The display quality of both phones is stellar and I don’t see much difference in quality between the two. Right out of the box, the S23 Ultra has a nice bright display, which you can achieve on the iPhone by turning off True Tone (a feature that adjusts the color and intensity of your display depending on your environment). If Ultra’s brightness is too much, you can reverse-mimicking the effects of True Tone by going into the display settings and either switching to Eye comfort shield, or going to Screen mode and selecting Natural. You can also play with the white balance scale. iPhone images look lightly sharper, but colors pop a bit more on the S23 Ultra. Overall, though, there really isn’t much of a difference between the phones.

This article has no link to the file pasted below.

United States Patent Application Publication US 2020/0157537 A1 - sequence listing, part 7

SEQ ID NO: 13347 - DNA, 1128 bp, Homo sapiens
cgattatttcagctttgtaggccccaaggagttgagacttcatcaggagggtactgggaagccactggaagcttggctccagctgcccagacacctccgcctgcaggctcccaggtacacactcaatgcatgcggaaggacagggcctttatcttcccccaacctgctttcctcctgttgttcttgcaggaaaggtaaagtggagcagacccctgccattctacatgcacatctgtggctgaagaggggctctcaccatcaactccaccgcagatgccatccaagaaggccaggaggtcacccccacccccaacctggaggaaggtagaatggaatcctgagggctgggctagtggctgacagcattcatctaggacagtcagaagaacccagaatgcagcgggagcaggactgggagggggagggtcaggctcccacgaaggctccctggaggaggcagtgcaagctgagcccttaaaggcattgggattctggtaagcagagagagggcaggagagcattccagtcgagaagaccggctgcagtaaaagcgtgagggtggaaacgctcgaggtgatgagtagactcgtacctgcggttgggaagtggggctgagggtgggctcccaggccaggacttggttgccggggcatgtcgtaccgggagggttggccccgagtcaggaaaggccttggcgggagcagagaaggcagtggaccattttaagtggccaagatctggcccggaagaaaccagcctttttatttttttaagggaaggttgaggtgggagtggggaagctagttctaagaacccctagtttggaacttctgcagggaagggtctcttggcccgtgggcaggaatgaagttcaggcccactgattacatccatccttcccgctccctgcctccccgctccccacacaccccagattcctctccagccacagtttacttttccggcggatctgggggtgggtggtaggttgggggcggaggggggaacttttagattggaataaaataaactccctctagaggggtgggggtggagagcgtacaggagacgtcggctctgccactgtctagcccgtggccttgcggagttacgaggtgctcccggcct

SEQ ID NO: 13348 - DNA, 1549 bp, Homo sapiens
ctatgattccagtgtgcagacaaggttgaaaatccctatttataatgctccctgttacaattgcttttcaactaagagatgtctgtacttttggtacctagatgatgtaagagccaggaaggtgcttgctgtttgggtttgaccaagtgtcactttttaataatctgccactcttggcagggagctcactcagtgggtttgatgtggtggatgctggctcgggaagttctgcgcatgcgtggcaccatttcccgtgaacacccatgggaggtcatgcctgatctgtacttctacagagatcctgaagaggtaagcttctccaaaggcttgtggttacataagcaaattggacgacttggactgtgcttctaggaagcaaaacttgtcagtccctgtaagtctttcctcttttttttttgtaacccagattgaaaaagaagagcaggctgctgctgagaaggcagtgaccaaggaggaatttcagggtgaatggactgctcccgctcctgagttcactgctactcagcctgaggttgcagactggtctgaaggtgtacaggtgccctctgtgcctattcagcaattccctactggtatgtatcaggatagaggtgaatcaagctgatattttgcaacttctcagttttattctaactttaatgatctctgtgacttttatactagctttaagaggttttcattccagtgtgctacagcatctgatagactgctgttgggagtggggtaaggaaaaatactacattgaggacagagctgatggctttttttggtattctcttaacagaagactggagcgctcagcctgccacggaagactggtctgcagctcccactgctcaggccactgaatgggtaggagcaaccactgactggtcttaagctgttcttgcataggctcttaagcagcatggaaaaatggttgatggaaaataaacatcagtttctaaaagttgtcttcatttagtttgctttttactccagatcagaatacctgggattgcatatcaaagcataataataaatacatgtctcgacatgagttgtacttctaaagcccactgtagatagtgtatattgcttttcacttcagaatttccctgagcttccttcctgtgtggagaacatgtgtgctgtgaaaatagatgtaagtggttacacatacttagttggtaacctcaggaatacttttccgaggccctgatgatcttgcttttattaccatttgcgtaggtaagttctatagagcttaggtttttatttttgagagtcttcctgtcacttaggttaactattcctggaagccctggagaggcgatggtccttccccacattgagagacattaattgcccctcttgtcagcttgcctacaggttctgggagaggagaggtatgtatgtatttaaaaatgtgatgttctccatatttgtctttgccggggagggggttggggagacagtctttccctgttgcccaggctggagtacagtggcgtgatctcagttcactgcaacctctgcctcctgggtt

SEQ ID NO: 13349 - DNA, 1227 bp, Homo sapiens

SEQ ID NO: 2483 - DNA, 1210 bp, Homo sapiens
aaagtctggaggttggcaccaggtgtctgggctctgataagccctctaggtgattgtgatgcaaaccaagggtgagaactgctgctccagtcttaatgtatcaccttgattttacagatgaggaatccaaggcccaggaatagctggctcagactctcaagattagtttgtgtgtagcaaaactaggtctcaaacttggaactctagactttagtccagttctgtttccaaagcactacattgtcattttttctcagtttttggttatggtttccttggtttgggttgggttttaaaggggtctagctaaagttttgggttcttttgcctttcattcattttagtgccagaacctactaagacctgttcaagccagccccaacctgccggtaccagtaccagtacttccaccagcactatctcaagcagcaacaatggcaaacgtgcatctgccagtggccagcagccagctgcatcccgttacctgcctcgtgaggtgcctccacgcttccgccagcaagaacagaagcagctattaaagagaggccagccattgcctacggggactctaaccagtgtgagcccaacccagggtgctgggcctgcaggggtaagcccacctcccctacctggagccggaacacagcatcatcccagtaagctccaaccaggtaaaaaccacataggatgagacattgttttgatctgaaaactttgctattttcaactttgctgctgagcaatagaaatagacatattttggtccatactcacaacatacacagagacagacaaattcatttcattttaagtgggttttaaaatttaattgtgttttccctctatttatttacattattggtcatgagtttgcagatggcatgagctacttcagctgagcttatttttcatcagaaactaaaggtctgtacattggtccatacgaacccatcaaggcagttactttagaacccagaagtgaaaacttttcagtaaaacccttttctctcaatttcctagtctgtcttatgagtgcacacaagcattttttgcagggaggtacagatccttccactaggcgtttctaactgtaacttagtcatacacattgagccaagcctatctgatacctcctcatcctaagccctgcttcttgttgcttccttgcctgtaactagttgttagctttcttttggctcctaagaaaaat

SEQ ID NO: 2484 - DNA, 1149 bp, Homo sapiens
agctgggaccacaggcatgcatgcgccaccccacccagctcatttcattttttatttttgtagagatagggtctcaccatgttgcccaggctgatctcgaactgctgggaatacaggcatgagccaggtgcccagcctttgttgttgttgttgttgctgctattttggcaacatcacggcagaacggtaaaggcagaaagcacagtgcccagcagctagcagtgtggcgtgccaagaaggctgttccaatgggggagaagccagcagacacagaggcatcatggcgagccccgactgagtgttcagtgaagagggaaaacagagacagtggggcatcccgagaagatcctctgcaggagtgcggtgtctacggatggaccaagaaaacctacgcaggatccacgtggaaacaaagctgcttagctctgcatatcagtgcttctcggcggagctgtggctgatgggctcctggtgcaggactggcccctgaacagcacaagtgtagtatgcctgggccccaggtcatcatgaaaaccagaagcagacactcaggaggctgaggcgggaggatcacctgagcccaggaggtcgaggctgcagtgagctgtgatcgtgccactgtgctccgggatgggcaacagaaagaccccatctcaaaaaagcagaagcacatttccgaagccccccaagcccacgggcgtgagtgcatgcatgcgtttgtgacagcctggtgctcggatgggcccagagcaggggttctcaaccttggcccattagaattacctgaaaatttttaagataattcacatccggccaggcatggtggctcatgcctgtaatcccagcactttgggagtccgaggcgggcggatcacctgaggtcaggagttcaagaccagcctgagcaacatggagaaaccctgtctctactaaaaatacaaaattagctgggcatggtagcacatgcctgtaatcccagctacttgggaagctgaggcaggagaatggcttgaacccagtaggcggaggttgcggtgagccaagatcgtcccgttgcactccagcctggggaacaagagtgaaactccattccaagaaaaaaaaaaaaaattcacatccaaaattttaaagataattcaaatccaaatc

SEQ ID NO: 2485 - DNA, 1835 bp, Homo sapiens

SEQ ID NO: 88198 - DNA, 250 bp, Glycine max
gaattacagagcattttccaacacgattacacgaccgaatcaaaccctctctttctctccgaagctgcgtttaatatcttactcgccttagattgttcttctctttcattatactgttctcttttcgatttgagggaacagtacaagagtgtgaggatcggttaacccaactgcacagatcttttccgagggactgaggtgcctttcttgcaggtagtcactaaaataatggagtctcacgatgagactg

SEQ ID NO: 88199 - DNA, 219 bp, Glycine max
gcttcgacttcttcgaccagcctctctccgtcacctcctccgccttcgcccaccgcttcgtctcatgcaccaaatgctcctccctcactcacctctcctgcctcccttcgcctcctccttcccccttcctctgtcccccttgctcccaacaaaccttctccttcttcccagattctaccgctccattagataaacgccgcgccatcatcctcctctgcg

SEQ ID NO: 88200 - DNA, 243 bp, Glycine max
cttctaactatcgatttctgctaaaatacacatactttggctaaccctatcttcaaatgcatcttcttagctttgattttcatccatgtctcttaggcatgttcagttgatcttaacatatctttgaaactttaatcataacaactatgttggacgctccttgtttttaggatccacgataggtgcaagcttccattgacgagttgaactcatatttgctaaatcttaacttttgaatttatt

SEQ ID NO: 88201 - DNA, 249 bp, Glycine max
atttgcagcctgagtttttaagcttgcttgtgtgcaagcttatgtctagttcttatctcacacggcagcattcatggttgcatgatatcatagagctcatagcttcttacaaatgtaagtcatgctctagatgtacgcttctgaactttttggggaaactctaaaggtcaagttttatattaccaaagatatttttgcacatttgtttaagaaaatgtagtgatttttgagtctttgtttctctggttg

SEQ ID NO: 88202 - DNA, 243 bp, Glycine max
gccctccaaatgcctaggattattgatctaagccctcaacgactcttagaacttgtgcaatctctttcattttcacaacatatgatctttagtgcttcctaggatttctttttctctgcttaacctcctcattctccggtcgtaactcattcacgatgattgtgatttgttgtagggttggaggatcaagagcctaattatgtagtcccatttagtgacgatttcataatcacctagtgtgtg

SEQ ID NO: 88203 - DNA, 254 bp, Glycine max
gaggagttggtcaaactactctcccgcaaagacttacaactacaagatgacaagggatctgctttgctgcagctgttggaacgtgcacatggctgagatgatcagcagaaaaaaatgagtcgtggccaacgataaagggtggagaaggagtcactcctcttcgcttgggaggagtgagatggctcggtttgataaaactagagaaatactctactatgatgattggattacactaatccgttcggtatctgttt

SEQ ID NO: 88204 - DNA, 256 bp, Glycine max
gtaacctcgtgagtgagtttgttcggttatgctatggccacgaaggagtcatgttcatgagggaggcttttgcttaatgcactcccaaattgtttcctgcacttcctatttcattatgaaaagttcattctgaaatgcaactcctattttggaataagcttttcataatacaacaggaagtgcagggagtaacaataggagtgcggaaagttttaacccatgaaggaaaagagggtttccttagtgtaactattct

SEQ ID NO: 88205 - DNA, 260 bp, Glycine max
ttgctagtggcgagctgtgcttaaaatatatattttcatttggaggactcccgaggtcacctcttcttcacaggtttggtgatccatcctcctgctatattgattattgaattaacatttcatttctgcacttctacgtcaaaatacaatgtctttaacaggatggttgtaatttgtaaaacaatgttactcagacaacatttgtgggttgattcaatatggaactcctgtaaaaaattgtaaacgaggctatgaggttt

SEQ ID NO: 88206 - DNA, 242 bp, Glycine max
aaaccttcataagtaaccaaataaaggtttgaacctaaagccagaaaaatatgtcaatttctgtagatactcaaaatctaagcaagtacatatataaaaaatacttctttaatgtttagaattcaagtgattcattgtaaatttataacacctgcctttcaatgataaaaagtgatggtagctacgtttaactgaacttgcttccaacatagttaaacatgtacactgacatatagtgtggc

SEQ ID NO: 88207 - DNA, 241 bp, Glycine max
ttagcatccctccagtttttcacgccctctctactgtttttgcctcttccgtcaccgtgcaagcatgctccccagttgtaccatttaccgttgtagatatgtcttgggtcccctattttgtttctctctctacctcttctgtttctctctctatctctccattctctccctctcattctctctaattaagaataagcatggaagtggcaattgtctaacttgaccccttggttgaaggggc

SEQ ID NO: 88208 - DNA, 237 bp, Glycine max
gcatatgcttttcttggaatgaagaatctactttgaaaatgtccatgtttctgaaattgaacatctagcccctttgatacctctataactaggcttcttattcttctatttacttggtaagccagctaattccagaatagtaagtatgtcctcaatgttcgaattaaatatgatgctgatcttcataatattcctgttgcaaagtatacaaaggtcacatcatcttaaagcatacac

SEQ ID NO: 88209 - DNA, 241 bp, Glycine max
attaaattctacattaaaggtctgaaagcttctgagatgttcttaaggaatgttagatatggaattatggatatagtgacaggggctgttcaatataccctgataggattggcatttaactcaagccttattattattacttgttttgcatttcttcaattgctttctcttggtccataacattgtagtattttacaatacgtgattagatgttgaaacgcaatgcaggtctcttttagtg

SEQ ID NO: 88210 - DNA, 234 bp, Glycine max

There’s one aspect of having an iPhone that I still haven’t come to terms with, and that’s the keyboard. I’m glad Apple added Slide to Type with iOS 13 a few years ago, followed by haptic keyboard feedback with iOS 16 (finally), because these are features I’ve come to love on Android. But I still get frustrated that I have to switch between numbers and letters when typing on the iPhone. Meanwhile, on the Galaxy, the numbers sit right above the letters, so you can select them more quickly, as you would on a laptop keyboard. You can download different iPhone keyboards like Gboard, but it’s not the same. I admit this is a minor complaint, but I think the user experience would benefit if Apple took a page from Android’s book – you know, like they’ve done many times before. Moving of….
Battery life on the Galaxy S23 Ultra is next level